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Association of life course socioeconomic status and adult height with cognitive functioning of older adults in India and China

Abstract

Background

Cognitive functioning is an important measure of intrinsic capacity. In this study, we examine the association of life course socioeconomic status (SES) and height with cognitive functioning among older adults (50+) in India and China. The age pattern of cognitive functioning with measures of life course socioeconomic status has also been examined.

Methods

Cross-sectional comparative analysis was conducted using the WHO’s Study on global AGEing and adult health (SAGE) data for India and China. Multilevel mixed-effect linear regression analysis was used to examine the association of life course socioeconomic status and adult height with cognitive functioning.

Results

In both India and China, parental education as a measure of childhood socioeconomic status was positively associated with cognitive functioning. The association between adult socioeconomic status and cognitive functioning was positive and significant. Height was significantly and positively associated with improved cognitive functioning of older adults in India and China. Furthermore, the age-related decline in cognitive functioning score was higher among older adults whose parents had no schooling, particularly in China. The cognitive functioning score with age was much lower among less-educated older adults than those with higher levels of education in China. Wealthier older adults in India had higher cognitive functioning in middle ages, however, wealth differences narrowed with age.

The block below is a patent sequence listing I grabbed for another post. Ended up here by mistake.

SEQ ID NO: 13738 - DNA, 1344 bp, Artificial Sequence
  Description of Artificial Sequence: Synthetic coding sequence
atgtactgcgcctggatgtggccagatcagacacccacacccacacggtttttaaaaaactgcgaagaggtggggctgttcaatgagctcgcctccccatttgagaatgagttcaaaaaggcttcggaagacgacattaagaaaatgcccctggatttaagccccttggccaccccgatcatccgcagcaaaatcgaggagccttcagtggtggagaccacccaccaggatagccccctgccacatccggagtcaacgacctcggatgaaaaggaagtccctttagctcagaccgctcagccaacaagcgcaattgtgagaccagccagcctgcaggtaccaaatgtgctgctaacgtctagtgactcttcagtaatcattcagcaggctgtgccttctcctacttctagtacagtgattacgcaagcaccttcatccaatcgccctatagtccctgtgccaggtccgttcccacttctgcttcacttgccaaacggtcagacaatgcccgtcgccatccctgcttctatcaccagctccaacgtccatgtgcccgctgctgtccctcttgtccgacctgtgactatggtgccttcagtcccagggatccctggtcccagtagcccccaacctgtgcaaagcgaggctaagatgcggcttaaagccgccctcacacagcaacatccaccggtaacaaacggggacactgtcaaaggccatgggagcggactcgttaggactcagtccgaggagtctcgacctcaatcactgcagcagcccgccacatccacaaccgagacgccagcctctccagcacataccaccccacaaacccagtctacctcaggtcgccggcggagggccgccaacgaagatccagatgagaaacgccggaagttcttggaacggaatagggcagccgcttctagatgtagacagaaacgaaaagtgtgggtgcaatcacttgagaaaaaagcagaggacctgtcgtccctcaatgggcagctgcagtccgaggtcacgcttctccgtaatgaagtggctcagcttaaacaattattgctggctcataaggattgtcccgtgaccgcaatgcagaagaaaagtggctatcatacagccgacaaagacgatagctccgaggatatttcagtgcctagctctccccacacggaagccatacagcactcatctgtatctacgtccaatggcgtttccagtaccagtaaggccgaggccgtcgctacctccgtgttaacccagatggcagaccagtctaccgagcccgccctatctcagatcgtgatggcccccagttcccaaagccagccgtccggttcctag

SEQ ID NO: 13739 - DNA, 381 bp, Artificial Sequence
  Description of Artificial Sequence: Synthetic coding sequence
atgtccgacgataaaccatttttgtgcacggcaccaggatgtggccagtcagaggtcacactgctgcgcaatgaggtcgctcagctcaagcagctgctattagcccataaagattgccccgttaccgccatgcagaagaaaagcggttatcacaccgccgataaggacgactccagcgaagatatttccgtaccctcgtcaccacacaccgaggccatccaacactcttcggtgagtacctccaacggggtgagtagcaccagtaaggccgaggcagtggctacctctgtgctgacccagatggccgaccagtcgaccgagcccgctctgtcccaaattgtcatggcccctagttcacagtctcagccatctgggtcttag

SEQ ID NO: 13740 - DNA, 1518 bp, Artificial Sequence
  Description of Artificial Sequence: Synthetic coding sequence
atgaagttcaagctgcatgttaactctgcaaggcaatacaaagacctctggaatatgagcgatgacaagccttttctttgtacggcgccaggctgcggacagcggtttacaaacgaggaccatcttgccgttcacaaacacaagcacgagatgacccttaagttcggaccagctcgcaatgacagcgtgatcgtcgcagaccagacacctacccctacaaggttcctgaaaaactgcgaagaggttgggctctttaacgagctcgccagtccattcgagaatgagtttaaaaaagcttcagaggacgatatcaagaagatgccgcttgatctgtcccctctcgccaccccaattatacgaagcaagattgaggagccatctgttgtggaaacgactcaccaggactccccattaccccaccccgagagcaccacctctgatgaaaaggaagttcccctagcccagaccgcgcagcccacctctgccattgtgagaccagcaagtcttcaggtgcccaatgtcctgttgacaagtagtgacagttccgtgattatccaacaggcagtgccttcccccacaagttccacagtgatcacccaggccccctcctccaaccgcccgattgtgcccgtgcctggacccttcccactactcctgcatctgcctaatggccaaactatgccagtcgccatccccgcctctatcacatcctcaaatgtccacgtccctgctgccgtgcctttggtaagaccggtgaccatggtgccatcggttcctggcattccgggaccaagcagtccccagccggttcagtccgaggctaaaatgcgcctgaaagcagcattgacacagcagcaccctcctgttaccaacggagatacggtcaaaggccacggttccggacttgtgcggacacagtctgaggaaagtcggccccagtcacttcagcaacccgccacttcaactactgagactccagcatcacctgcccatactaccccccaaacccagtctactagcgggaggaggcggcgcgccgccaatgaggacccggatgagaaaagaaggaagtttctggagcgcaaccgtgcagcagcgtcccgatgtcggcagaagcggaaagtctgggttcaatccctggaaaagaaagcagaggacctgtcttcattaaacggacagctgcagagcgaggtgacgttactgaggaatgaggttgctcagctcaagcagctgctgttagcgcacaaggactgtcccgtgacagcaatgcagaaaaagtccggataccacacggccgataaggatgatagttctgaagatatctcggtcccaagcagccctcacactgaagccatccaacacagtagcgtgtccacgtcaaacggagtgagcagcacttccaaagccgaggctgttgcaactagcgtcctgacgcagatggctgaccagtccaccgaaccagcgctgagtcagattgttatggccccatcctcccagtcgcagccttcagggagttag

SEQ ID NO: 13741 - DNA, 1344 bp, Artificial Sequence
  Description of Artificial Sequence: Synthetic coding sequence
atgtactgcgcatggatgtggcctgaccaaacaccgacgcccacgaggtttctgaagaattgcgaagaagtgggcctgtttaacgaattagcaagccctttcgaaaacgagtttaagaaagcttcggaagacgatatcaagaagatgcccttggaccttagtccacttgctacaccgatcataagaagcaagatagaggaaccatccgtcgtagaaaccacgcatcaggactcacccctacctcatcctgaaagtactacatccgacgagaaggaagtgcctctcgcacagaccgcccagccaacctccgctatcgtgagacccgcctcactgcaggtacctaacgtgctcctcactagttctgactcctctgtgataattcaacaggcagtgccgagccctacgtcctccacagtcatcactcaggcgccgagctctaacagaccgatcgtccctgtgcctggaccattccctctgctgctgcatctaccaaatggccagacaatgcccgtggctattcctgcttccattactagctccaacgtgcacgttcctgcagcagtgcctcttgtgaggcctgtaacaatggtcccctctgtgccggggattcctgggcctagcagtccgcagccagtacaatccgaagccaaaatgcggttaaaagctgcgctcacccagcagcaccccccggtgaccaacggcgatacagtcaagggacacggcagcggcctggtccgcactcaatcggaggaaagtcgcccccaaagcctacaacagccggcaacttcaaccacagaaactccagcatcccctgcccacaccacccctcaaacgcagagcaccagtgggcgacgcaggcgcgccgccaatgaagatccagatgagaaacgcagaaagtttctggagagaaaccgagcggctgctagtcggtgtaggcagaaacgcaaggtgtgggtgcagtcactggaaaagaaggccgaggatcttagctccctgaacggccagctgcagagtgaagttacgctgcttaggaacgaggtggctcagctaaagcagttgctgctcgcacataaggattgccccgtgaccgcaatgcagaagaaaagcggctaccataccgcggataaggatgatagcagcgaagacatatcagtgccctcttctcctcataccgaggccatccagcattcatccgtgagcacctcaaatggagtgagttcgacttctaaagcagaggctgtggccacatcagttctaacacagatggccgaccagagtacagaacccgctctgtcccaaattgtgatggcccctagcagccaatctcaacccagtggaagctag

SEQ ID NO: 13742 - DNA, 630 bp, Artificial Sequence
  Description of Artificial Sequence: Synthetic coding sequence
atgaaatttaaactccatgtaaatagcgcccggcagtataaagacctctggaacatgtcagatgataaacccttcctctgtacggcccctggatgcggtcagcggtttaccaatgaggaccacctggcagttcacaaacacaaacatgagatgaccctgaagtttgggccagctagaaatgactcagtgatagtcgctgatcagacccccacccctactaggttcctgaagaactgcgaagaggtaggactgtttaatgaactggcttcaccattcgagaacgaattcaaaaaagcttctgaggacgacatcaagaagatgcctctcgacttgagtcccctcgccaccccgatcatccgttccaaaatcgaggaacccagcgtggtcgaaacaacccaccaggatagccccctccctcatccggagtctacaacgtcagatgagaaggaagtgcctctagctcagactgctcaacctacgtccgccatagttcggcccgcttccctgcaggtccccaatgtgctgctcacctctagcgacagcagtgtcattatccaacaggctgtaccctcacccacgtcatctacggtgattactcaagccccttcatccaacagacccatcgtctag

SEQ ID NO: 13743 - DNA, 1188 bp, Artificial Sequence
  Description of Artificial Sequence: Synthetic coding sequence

Conclusions

The results of this study suggest a significant association of lifetime socioeconomic status and cumulative net nutrition on later-life cognitive functioning in middle-income settings.

Peer Review reports

Background

Rapid demographic changes such as the reduction in fertility and improvements in health have resulted in the rise of life expectancy both in India and China, the two most populated nations in the world with more than a third of the global population. In addition to the one child policy, the rise in life expectancy was faster in China than in India and as a result, the share of the elderly population is rising rapidly [1]. By 2050, the projected elderly population (60+) to reach 36.5% in China and 19.4% in India, respectively [2].